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May 02, 2017

Person-Centered Care: Making a House a Home

Several years ago, Inglis began its transition to a Person-Centered model of care — one that makes resident preferences and choices a priority — and away from the old, institutional way of living. 

Our hospital-like environment was converted to one that looks more like home. We silenced noisy call bells, reduced overhead paging, softened the lighting, and eliminated fixed bathing and dining schedules, among many other changes. 

Today, the former “nursing units” have become six neighbor-hoods. Visitors to each neighborhood are greeted by a custom, hand-painted mural, depicting a theme chosen by residents and staff.

All living areas boast new furniture, flooring, molding and an attractive new color scheme, also selected by those who live and work in the neighborhoods. The newly renovated dining solariums, equipped with full kitchens and pantries, are spacious and brightly lit with panoramic views of the outdoors. Here, breakfast is made to order. If nothing on the lunch or dinner menu is appealing, residents can choose from a 
variety of alternatives made on the spot by a neighborhood homemaker. Hallways have attractive new floor coverings and colorful walls are lined with “memory boxes” that tell the stories of residents living there. The traditional nursing stations have been replaced with more welcoming, accessible areas. 

As attractive as the new surroundings are, Person-Centered Care at Inglis goes much deeper. Residents, staff and family members attend Person First education sessions, where they explore the model’s values, learn improved ways of communicating and share what “creating a home” at Inglis means to them.

Person-Centered Care would not be a reality at Inglis without our many generous donors. We thank them for their extraordinary commitment to improving the quality of life for our residents.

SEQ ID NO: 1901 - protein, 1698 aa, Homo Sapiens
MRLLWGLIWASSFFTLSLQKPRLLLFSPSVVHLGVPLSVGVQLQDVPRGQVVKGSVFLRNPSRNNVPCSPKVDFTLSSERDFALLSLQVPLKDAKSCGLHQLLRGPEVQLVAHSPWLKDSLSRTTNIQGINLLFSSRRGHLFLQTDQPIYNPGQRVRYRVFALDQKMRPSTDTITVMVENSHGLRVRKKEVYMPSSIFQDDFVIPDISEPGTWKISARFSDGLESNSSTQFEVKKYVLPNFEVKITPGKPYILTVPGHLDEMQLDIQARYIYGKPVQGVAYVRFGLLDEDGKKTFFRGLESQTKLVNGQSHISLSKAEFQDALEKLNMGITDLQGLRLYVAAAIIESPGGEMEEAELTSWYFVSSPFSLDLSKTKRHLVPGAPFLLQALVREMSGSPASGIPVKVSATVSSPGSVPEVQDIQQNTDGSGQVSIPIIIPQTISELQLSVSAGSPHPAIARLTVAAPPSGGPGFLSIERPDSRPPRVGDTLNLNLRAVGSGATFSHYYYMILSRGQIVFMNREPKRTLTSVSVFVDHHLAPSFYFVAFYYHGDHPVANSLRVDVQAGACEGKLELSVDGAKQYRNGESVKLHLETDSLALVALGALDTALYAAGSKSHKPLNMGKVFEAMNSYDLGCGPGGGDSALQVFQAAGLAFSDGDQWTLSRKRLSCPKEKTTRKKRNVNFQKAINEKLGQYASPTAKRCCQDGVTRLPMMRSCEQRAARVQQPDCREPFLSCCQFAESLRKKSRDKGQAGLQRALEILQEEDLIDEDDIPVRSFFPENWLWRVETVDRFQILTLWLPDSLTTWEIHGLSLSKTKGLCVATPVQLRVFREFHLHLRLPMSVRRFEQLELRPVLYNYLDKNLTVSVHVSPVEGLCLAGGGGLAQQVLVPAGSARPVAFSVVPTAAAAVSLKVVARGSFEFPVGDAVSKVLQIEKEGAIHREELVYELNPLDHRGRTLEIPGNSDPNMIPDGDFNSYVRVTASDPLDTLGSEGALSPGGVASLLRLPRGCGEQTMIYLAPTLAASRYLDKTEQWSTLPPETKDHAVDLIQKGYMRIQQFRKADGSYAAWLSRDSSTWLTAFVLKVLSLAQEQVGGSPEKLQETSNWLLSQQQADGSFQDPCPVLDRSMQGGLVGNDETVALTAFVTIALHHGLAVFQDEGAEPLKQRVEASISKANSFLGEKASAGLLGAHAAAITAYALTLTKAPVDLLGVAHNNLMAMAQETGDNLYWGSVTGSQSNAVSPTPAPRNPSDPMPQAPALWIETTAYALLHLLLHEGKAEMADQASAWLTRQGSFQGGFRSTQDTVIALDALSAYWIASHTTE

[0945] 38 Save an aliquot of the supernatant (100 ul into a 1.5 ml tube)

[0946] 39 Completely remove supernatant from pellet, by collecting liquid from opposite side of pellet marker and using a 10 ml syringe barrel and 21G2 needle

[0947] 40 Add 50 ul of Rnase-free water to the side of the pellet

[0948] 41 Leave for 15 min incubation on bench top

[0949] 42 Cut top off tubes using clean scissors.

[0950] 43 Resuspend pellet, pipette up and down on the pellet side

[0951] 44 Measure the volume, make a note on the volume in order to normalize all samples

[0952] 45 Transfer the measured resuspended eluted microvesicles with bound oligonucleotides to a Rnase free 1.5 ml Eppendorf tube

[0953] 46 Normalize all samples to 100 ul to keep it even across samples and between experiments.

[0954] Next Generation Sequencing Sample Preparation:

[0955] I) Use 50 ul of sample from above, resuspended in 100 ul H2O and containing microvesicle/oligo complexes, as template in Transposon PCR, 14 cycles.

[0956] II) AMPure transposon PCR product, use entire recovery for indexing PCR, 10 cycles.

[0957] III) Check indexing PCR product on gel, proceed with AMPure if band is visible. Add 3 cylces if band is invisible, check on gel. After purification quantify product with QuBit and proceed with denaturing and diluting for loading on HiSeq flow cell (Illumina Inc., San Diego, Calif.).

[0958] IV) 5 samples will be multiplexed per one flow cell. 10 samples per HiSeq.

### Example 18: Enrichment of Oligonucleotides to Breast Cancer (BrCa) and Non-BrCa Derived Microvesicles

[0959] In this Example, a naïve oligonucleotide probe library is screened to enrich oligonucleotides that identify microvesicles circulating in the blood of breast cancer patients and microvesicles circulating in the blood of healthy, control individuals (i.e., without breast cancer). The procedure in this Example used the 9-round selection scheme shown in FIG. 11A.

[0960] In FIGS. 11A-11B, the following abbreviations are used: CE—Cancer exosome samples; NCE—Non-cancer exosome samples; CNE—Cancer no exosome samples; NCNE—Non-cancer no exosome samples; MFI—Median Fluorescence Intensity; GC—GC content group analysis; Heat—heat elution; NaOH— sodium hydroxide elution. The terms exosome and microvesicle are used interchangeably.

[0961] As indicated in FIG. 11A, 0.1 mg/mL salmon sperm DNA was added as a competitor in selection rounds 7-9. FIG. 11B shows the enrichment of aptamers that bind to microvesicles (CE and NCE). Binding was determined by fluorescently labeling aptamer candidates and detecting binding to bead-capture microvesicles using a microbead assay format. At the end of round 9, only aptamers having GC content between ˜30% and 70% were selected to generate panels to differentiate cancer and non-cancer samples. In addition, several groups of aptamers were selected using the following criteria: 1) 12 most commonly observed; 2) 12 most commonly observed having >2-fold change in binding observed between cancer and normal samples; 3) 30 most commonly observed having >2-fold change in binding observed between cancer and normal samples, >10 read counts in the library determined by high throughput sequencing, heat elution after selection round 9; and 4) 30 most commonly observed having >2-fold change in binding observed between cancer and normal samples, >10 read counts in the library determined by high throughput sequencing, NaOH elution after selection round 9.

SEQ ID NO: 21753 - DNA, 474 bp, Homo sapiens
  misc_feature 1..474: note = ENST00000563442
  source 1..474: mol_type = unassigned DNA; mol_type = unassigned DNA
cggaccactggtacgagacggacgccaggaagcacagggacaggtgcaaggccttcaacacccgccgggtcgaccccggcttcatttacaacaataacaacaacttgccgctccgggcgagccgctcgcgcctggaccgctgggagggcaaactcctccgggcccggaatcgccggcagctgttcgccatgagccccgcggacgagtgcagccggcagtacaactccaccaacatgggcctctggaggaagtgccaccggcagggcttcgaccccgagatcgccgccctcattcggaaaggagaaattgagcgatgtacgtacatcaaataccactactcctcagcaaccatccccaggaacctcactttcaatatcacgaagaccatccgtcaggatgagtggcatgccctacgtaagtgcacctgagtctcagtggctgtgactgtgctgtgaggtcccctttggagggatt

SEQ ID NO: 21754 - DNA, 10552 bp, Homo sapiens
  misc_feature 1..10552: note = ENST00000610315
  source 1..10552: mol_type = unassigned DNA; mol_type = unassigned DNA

Marie and Jim Logue, Vice Chair of the Inglis Board, sponsored the renovation of the 1North Neighborhood and are greeted by staff working there. Left to right: Gwenn Vilade, Recreation Therapist; Anna Shore, Neighborhood Life Leader; Marie Logue; Jo-Anne Moodie, Neighborhood Clinical Leader; and Jim Logue.

Proceeds from the 2016 and 2017 Inglis Golf Outings are being used to fund the transition to Person- Centered Care on the 2North Neighborhood. Throughout the past 16 years, the Inglis Golf Outing Committee has raised nearly $2M to fund transformational projects at Inglis.

The Albert M. Greenfield Foundation, dedicated to improving the quality of 
life for Philadelphians, sponsored the renovation of the 3North Neighborhood at Inglis. During their visit, (center, right to left) Greenfield Trustees Deborah DeLauro, Trustee Edward A. Montgomery and President Priscilla Luce toured our Adapted Technology Lab and heard about its capabilities and services from (left to right) Lab Director, Dawn Waller, Inglis President and CEO Gavin Kerr and Board President Lauren DeBruicker. 

Our 2South Neighborhood was sponsored by the Connelly Foundation, whose members visited to see how their generous contribution created a homelike community for residents. Left to right: Connelly Foundation Executive Vice President Emily C. Riley, President and CEO Josephine C. Mandeville, Senior Vice President and Trustee Lewis Bluemle, Trustees Tom Connelly and Caroline Mandeville.

Former Inglis Board Chair Dixie Wigton generously funded renovations to our 3South neighborhood. At left, she and neighborhood resident Mary Czyzyk review the builder’s plans.